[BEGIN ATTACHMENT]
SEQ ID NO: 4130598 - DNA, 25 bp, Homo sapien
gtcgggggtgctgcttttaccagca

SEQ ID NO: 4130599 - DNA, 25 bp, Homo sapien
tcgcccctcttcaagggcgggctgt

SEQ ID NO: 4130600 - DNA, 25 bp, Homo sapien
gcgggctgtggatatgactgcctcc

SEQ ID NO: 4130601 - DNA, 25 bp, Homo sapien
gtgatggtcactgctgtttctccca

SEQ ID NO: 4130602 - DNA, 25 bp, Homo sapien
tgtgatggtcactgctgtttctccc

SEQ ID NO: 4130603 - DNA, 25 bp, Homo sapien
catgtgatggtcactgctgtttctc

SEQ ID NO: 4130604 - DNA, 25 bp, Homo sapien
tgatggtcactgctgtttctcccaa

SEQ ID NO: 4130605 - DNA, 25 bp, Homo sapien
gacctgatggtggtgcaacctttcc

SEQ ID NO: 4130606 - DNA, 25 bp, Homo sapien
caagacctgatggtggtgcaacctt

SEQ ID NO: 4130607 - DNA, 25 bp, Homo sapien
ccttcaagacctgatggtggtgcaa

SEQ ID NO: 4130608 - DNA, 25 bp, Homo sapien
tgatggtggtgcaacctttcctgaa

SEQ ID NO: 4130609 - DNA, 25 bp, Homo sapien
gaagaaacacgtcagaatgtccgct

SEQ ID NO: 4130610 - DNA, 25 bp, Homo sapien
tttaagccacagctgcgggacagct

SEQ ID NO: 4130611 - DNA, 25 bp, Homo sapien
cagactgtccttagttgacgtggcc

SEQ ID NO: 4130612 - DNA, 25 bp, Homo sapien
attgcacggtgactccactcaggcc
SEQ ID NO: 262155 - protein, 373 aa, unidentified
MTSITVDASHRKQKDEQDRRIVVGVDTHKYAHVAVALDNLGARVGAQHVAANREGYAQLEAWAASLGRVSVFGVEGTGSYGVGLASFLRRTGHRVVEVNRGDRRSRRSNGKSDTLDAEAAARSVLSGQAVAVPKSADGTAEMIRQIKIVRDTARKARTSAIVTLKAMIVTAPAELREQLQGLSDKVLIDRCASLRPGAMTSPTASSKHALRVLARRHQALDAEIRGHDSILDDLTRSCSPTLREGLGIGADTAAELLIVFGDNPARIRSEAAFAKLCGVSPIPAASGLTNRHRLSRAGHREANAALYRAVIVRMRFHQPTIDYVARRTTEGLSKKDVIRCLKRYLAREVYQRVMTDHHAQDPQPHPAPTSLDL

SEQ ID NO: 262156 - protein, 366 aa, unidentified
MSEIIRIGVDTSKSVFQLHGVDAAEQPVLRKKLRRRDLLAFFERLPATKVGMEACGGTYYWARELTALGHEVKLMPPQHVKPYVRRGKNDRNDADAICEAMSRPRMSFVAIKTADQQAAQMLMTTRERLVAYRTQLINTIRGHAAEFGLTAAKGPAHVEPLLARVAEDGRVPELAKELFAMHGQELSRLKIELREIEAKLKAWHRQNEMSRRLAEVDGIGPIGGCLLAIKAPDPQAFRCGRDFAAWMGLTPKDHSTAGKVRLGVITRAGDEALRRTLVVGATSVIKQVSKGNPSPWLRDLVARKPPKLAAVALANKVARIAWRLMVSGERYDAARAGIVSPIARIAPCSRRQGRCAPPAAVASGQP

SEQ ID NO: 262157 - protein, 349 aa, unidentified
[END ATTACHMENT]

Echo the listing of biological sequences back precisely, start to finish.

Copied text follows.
SEQ ID NO: 4130598 - DNA, 25 bp, Homo sapien
gtcgggggtgctgcttttaccagca

SEQ ID NO: 4130599 - DNA, 25 bp, Homo sapien
tcgcccctcttcaagggcgggctgt

SEQ ID NO: 4130600 - DNA, 25 bp, Homo sapien
gcgggctgtggatatgactgcctcc

SEQ ID NO: 4130601 - DNA, 25 bp, Homo sapien
gtgatggtcactgctgtttctccca

SEQ ID NO: 4130602 - DNA, 25 bp, Homo sapien
tgtgatggtcactgctgtttctccc

SEQ ID NO: 4130603 - DNA, 25 bp, Homo sapien
catgtgatggtcactgctgtttctc

SEQ ID NO: 4130604 - DNA, 25 bp, Homo sapien
tgatggtcactgctgtttctcccaa

SEQ ID NO: 4130605 - DNA, 25 bp, Homo sapien
gacctgatggtggtgcaacctttcc

SEQ ID NO: 4130606 - DNA, 25 bp, Homo sapien
caagacctgatggtggtgcaacctt

SEQ ID NO: 4130607 - DNA, 25 bp, Homo sapien
ccttcaagacctgatggtggtgcaa

SEQ ID NO: 4130608 - DNA, 25 bp, Homo sapien
tgatggtggtgcaacctttcctgaa

SEQ ID NO: 4130609 - DNA, 25 bp, Homo sapien
gaagaaacacgtcagaatgtccgct

SEQ ID NO: 4130610 - DNA, 25 bp, Homo sapien
tttaagccacagctgcgggacagct

SEQ ID NO: 4130611 - DNA, 25 bp, Homo sapien
cagactgtccttagttgacgtggcc

SEQ ID NO: 4130612 - DNA, 25 bp, Homo sapien
attgcacggtgactccactcaggcc
SEQ ID NO: 262155 - protein, 373 aa, unidentified
MTSITVDASHRKQKDEQDRRIVVGVDTHKYAHVAVALDNLGARVGAQHVAANREGYAQLEAWAASLGRVSVFGVEGTGSYGVGLASFLRRTGHRVVEVNRGDRRSRRSNGKSDTLDAEAAARSVLSGQAVAVPKSADGTAEMIRQIKIVRDTARKARTSAIVTLKAMIVTAPAELREQLQGLSDKVLIDRCASLRPGAMTSPTASSKHALRVLARRHQALDAEIRGHDSILDDLTRSCSPTLREGLGIGADTAAELLIVFGDNPARIRSEAAFAKLCGVSPIPAASGLTNRHRLSRAGHREANAALYRAVIVRMRFHQPTIDYVARRTTEGLSKKDVIRCLKRYLAREVYQRVMTDHHAQDPQPHPAPTSLDL

SEQ ID NO: 262156 - protein, 366 aa, unidentified
MSEIIRIGVDTSKSVFQLHGVDAAEQPVLRKKLRRRDLLAFFERLPATKVGMEACGGTYYWARELTALGHEVKLMPPQHVKPYVRRGKNDRNDADAICEAMSRPRMSFVAIKTADQQAAQMLMTTRERLVAYRTQLINTIRGHAAEFGLTAAKGPAHVEPLLARVAEDGRVPELAKELFAMHGQELSRLKIELREIEAKLKAWHRQNEMSRRLAEVDGIGPIGGCLLAIKAPDPQAFRCGRDFAAWMGLTPKDHSTAGKVRLGVITRAGDEALRRTLVVGATSVIKQVSKGNPSPWLRDLVARKPPKLAAVALANKVARIAWRLMVSGERYDAARAGIVSPIARIAPCSRRQGRCAPPAAVASGQP

SEQ ID NO: 262157 - protein, 349 aa, unidentified